Measure distance on a map with a scale in C#


Recently I wanted to measure the distance around my local park. If you look at Google Maps, you can find maps of just about anywhere with the scale shown on them. This application lets you load such a map, use its scale to calibrate, and then measure a distance on the map in various units.

This is a fairly involved example. Most of the pieces are relatively simple but there are a lot of details such as how to parse a distance string such as “1.5 miles.”

I wanted to use this program with a map from Google Maps but their terms of use don’t allow me to republish their maps so this example comes with a cartoonish map of a park that I drew. Probably no one at Google would care but there’s no need to include one of their maps anyway.

To use a real Google Map, find the area that you want to use and press Alt-PrntScrn to capture a copy of your browser. Paste the result into Paint or some other drawing program and edit the image to create the map you want.

The following code shows variables and types defined by the program.

// The loaded map.
private Bitmap Map = null;

// Known units.
enum Units

// Key map values.
private double ScaleDistanceInUnits = -1;
private double ScaleDistanceInPixels = -1;
private Units CurrentUnit = Units.Miles;
private double CurrentDistance = 0;

The Units enumeration defines the units of measure that this program can handle.

Use the File menu’s Open command to open a map file. The program’s toolbar holds 3 buttons. The first sets the program’s units, the second sets the map’s scale, and the third lets you measure a distance.

The units button is a dropdown that lets you select one of the known units. If you pick one of the choices, the following code executes.

// Set the desired units.
private void btnUnit_Click(object sender, EventArgs e)
    Units old_unit = CurrentUnit;
    ToolStripMenuItem menu_item = sender as ToolStripMenuItem;
    switch (menu_item.Text)
        case "Miles":
            CurrentUnit = Units.Miles;
        case "Yards":
            CurrentUnit = Units.Yards;
        case "Feet":
            CurrentUnit = Units.Feet;
        case "Kilometers":
            CurrentUnit = Units.Kilometers;
        case "Meters":
            CurrentUnit = Units.Meters;
    btnUnits.Text = CurrentUnit.ToString();

    // Display the map scale and distance in this unit.
    // Find a factor to convert from the old units to meters.
    double conversion = 1;
    if (old_unit == Units.Feet) conversion = 0.3048;
    else if (old_unit == Units.Yards) conversion = 0.9144;
    else if (old_unit == Units.Miles) conversion = 1609.344;
    else if (old_unit == Units.Kilometers) conversion = 1000;

    // Find a factor to convert from meters to the new units.
    if (CurrentUnit == Units.Feet) conversion *= 3.28083;
    else if (CurrentUnit == Units.Yards) conversion *= 1.09361;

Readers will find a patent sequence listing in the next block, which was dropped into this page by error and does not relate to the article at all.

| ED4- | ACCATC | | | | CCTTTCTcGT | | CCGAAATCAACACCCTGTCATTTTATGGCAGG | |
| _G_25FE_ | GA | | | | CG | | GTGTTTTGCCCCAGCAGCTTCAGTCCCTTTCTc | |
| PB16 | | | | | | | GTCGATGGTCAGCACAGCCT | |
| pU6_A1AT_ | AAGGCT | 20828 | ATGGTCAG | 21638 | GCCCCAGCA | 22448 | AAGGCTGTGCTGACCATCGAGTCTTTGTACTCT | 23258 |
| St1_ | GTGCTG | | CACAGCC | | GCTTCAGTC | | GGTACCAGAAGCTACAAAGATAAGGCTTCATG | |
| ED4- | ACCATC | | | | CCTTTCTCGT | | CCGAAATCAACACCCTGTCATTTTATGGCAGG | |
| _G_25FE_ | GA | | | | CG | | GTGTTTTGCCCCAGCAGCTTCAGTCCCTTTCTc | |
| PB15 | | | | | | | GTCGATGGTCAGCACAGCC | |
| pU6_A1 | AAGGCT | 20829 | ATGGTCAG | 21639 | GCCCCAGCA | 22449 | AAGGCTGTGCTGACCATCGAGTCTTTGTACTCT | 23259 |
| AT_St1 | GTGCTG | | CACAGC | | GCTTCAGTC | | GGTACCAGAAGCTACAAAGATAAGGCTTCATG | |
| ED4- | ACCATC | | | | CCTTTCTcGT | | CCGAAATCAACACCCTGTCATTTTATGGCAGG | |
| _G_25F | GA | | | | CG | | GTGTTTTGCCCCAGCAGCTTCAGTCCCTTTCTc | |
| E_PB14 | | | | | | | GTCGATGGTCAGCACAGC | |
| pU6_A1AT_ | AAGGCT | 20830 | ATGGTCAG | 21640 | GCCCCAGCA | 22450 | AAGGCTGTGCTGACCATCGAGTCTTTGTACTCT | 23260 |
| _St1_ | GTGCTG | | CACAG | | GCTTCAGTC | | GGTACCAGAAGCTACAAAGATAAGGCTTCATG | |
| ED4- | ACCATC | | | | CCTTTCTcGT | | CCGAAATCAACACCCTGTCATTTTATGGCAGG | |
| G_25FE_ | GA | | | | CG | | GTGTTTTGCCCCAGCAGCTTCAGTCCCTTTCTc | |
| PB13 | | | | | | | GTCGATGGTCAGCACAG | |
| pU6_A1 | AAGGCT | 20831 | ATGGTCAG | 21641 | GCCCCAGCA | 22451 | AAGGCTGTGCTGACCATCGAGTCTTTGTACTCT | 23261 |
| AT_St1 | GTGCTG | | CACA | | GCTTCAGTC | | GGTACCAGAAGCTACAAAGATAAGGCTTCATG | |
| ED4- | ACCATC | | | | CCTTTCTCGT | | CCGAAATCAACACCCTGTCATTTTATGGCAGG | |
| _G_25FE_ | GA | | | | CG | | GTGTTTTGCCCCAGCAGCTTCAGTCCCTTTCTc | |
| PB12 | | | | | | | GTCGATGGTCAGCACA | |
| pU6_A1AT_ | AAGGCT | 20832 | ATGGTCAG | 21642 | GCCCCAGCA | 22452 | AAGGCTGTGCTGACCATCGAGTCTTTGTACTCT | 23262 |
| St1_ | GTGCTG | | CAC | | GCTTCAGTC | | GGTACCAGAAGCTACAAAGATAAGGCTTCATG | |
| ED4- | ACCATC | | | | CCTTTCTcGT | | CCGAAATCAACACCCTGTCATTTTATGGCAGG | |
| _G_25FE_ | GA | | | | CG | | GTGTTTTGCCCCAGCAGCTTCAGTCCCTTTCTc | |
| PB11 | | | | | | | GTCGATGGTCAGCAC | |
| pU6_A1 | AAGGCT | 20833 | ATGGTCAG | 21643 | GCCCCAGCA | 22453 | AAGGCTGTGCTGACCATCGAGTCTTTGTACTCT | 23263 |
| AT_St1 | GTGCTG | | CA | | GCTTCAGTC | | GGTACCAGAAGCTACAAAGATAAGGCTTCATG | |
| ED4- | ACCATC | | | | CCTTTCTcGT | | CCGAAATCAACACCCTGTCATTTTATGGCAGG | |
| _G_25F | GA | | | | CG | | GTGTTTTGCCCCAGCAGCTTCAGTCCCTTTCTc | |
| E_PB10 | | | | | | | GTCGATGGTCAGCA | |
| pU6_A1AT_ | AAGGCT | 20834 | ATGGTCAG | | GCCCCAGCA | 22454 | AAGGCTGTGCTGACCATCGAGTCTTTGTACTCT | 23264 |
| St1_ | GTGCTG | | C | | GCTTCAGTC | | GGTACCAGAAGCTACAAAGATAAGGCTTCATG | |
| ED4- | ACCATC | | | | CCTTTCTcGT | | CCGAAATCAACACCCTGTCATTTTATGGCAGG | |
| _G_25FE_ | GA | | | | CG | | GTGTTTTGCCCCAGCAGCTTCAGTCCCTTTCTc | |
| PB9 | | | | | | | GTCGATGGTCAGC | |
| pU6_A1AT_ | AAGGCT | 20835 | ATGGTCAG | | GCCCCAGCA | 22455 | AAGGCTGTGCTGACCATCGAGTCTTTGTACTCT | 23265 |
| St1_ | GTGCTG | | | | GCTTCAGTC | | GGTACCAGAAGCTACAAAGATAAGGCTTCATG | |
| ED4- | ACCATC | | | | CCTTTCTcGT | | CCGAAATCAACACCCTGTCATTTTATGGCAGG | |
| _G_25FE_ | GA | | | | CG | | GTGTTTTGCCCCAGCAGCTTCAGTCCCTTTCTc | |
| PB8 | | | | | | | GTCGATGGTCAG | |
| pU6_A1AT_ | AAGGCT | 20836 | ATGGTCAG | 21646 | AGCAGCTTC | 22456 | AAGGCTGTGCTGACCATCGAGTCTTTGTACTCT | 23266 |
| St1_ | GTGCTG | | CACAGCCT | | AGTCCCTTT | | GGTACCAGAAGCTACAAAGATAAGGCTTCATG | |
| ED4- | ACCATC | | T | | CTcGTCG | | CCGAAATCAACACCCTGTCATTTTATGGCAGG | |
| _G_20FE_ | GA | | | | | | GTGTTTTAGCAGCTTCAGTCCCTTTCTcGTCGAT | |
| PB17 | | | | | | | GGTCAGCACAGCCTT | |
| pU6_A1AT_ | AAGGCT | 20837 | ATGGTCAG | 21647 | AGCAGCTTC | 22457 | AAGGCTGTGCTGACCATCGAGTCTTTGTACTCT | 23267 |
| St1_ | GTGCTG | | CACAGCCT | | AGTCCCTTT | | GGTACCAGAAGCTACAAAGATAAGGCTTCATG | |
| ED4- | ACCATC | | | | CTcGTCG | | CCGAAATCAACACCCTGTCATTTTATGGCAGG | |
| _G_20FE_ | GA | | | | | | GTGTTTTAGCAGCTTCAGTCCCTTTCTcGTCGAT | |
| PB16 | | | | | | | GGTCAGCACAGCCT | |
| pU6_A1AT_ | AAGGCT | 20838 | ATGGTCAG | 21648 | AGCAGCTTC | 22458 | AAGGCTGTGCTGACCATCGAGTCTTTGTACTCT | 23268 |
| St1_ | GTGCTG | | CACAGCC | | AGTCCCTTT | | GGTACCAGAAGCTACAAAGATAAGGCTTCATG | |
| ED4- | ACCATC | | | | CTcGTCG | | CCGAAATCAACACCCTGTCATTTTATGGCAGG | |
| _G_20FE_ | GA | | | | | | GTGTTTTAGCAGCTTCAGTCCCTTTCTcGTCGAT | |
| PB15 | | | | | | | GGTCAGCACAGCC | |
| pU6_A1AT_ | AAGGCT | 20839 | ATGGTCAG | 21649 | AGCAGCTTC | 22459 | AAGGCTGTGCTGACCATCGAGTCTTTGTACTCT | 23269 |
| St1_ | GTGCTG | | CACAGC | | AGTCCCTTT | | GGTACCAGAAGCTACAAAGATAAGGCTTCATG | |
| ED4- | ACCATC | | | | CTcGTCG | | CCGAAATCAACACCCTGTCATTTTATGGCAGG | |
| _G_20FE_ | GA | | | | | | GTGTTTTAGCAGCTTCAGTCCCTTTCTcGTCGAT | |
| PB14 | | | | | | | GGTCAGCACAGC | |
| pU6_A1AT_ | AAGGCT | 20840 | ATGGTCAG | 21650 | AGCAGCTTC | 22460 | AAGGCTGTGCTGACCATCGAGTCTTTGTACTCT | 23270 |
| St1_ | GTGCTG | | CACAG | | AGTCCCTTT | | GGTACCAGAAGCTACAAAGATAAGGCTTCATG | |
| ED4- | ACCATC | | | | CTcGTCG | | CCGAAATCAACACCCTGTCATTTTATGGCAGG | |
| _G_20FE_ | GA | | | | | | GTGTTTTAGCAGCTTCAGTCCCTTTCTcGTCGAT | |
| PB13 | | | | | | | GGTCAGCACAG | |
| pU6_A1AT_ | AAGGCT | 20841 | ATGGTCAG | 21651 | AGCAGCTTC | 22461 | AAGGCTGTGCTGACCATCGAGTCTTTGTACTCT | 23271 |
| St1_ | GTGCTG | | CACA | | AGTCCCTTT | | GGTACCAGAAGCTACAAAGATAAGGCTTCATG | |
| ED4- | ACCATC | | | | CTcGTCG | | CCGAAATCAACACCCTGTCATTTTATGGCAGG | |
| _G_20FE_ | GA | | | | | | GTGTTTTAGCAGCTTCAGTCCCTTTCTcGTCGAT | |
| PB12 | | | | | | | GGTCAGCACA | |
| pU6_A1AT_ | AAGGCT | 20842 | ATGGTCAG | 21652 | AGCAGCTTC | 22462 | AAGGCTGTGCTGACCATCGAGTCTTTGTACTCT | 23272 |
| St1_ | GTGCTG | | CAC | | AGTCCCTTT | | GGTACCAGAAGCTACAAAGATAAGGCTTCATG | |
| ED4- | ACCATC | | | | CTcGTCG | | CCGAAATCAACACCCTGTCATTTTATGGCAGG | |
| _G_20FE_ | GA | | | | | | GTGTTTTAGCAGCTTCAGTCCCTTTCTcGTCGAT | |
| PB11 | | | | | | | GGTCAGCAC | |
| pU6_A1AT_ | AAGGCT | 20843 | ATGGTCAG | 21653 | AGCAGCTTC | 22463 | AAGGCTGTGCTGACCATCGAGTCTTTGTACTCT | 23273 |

else if (CurrentUnit == Units.Miles) conversion *= 0.000621;
    else if (CurrentUnit == Units.Kilometers) conversion *= 0.001;

    // Convert and display the values.
    ScaleDistanceInUnits *= conversion;
    CurrentDistance *= conversion;

    btnScale.Text = string.Format("{0} {1}/pixel",
        ScaleDistanceInUnits / ScaleDistanceInPixels, 
    btnDistance.Text = string.Format("Distance: {0} {1}",
        CurrentDistance, CurrentUnit);

The code first checks the text on the selected choice and sets the current unit. It then converts the current scale (in units per pixel) and measured distance (in units) to the new unit. To do that, it first converts the previous units into meters and then converts meters into the new units. That avoids the need to have a table giving conversion factors for every pair of old and new units.

When you click the second button to set the map’s scale, the following code executes.

// Reset the scale.
private Point StartPoint, EndPoint;
private void btnScale_Click(object sender, EventArgs e)
    lblInstructions.Text =
        "Click and drag from the start and end point of " +
        "the map's scale bar.";
    picMap.Cursor = Cursors.Cross;

    picMap.MouseDown += Scale_MouseDown;
private void Scale_MouseDown(object sender, MouseEventArgs e)
    StartPoint = e.Location;
    picMap.MouseDown -= Scale_MouseDown;
    picMap.MouseMove += Scale_MouseMove;
    picMap.MouseUp += Scale_MouseUp;
private void Scale_MouseMove(object sender, MouseEventArgs e)
    EndPoint = e.Location;
private void Scale_MouseUp(object sender, MouseEventArgs e)
    picMap.MouseMove -= Scale_MouseMove;
    picMap.MouseUp -= Scale_MouseUp;
    picMap.Cursor = Cursors.Default;
    lblInstructions.Text = "";

    // Get the scale.
    ScaleDialog dlg = new ScaleDialog();
    if (dlg.ShowDialog() == DialogResult.OK)
        // Get the distance on the screen.
        int dx = EndPoint.X - StartPoint.X;
        int dy = EndPoint.Y - StartPoint.Y;
        double dist = Math.Sqrt(dx * dx + dy * dy);
        if (dist < 1) return;
        ScaleDistanceInPixels = dist;

        // Parse the distance.
            out ScaleDistanceInUnits, out CurrentUnit);

        // Display the units.
        btnUnits.Text = CurrentUnit.ToString();

        // Display the scale.
        btnScale.Text = string.Format("{0} {1}/pixel",
            ScaleDistanceInUnits / ScaleDistanceInPixels, 

        // Clear the distance.
        btnDistance.Text = "Distance <undefined>";

The button’s Click event handler displays some instructions in the form’s StatusBar and then registers a MouseDown event handler.

The MouseDown event handler saves the mouse’s current location in the StartPoint variable. It then unregisters the MouseDown event handler and registers MouseMove and MouseUp event handlers.